Wake County Issues New Restrictions to Help Slow the Spread of COVID-19

In response to the rising number of positive cases of COVID-19, Wake County is putting new restrictions in place to help slow the spread of coronavirus and protect the local healthcare system from becoming overwhelmed.

Wake County Board of Commissioners Chairman Greg Ford today signed a new State of Emergency Declaration. The declaration requires some types of businesses to close, prohibit gatherings of 50 people or more, change visitation practices at nursing homes and restrict the use of playground equipment at local parks.

“This is a challenging time, and it requires us to make difficult decisions to keep Wake County residents safe,” said Chairman Ford. “Our hope is that these new restrictions will maximize opportunities for the public to practice social distancing, which should help reduce the spread of COVID-19.”

Restrictions specific to nursing homes and similar facilities go into effect immediately. All other restrictions go into effect at 8 a.m. on Monday, March 23. The new restrictions will last until April 30.

They include:

  • Closing fitness clubs, gyms, hair and nail salons, spas, tanning, massage, and tattoo salons, and other professional grooming services;
  • Cancelling mass gatherings of 50 or more people (which includes both staff and patrons). This does not include organizations that provide critical services like hospitals, government operations and financial institutions. It also excludes retailers that provide essentials goods like grocery stores, pharmacies, pet stores and hardware stores;
  • Requiring nursing homes, long-term care facilities and assisted living centers to cease group activities that don’t allow for social distancing. Residents can only have one adult visitor per day, unless it is an end-of-life situation, and the visitor must be screened for:
    • fever of 100.4-degrees or higher,
    • a cough and
    • difficulty breathing before they can enter the building; 
  • Prohibiting the use of playground equipment at public and private parks. This does not include backyard playgrounds or other amenities such as greenways and walking trails; and
  • Recommendations that retail businesses screen their employees and customers for fever and respiratory illness before they enter the facility and turn away those who are sick.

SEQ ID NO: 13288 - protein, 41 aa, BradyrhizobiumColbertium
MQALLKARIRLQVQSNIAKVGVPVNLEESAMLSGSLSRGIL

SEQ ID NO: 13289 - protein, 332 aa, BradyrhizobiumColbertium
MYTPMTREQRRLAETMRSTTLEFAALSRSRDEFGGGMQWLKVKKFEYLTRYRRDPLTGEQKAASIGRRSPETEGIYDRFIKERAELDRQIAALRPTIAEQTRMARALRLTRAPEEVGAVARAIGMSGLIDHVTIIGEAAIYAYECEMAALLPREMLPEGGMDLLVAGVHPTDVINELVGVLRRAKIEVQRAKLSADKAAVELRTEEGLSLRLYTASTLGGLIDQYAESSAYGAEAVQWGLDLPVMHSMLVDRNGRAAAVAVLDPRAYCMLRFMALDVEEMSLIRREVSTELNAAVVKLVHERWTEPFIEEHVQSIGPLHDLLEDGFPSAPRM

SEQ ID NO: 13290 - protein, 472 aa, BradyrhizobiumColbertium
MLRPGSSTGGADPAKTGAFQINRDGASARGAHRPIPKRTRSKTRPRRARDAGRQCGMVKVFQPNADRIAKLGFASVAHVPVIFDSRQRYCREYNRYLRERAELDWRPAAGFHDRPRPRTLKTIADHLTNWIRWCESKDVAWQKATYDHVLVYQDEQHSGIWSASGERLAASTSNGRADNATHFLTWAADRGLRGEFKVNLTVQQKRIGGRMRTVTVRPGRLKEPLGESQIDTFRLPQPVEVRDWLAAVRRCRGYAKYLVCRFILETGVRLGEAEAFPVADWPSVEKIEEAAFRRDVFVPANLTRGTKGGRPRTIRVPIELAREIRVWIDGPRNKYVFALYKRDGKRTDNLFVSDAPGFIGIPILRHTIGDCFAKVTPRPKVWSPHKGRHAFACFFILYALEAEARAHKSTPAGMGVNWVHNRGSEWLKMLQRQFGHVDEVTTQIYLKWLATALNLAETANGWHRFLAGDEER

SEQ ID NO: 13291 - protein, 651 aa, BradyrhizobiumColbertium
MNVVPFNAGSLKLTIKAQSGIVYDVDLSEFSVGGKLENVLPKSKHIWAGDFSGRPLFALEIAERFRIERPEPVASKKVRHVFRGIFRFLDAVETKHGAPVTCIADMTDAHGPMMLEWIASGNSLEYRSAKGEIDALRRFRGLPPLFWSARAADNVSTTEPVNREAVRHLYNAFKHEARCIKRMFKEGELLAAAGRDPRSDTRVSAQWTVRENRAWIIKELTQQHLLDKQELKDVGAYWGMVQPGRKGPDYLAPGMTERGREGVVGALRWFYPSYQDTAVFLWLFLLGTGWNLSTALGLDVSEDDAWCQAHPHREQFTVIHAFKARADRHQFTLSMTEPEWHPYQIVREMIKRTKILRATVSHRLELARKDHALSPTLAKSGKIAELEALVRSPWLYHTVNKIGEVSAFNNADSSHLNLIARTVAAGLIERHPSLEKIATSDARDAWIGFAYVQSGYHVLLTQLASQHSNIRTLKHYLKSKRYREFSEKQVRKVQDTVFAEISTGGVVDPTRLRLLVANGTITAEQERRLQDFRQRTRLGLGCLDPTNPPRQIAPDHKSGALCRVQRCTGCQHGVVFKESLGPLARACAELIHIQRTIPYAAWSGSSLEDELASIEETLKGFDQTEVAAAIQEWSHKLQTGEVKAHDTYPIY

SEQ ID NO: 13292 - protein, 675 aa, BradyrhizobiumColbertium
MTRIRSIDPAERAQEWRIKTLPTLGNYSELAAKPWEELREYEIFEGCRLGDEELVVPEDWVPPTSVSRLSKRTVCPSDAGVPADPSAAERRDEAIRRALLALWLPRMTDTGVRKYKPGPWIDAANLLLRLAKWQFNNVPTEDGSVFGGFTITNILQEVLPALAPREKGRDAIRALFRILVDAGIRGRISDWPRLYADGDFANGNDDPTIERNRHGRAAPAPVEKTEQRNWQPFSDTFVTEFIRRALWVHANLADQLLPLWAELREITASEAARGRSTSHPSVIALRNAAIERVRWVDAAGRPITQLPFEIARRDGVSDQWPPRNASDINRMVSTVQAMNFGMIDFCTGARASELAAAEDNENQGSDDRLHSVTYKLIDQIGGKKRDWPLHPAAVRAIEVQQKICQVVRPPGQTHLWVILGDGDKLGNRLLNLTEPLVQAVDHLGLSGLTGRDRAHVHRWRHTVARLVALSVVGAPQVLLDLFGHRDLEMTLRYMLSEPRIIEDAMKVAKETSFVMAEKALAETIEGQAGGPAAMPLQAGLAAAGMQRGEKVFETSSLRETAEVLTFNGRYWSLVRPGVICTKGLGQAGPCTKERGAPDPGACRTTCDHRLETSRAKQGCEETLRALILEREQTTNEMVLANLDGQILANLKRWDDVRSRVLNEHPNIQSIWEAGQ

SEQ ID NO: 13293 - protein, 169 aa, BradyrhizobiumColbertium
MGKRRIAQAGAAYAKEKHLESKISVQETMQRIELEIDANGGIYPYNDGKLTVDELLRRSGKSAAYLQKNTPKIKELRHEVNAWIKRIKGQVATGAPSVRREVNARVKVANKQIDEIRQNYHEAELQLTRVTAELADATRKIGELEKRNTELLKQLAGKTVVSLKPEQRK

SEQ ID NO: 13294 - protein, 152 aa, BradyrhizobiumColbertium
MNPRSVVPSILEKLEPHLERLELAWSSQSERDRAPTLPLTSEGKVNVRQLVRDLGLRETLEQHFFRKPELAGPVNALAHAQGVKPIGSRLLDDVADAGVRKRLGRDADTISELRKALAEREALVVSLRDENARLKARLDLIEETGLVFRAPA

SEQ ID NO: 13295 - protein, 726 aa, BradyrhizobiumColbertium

“We are not at the point yet where we feel a stay-at-home order is necessary,” said Wake County Manager David Ellis. “We hope that these new restrictions will achieve our goals of limiting the spread of COVID-19 and protecting the capacity our healthcare system to serve our residents, so we don’t have to take that step.”

The county has set up a dedicated phone line to address business-specific questions: 919-856-7420. In addition, additional FAQs have been included on the county’s COVID-19 webpage here.

Wake County is working with the Greater Raleigh Chamber of Commerce and Wake County Economic Development to help communicate with the business community about these changes and share important resources to help support them during this challenging time.

The new State of Emergency declaration is attached to this news release.

Protecting Yourself
Although your risk of contracting COVID-19 remains low, the county’s public health team encourages you to protect yourself from COVID-19 and any other flu-like illness by following these simple steps:

  • Stay away from sick people and practice social distancing measures.
  • Wash your hands.
  • Don’t touch your eyes, nose and mouth.
  • Clean and disinfect surfaces using regular household cleaning spray or wipes.
  • Cover coughs and sneezes with a tissue and throw the tissue in the trash.
  • Stay home if you’re sick and don’t send sick children to childcare.

Staying Updated
Wake County has made it easy for you to stay updated on the latest information about COVID-19.

You can visit our COVID-19 webpage, which has a set of frequently asked questions to educate residents in English and in Spanish, a list of COVID-19-related closures and service changes, as well as an email address and phone number that people can use to ask personal health-related questions about COVID-19. The county is also sharing important information on its Facebook, Twitter and Instagram accounts.

Press Release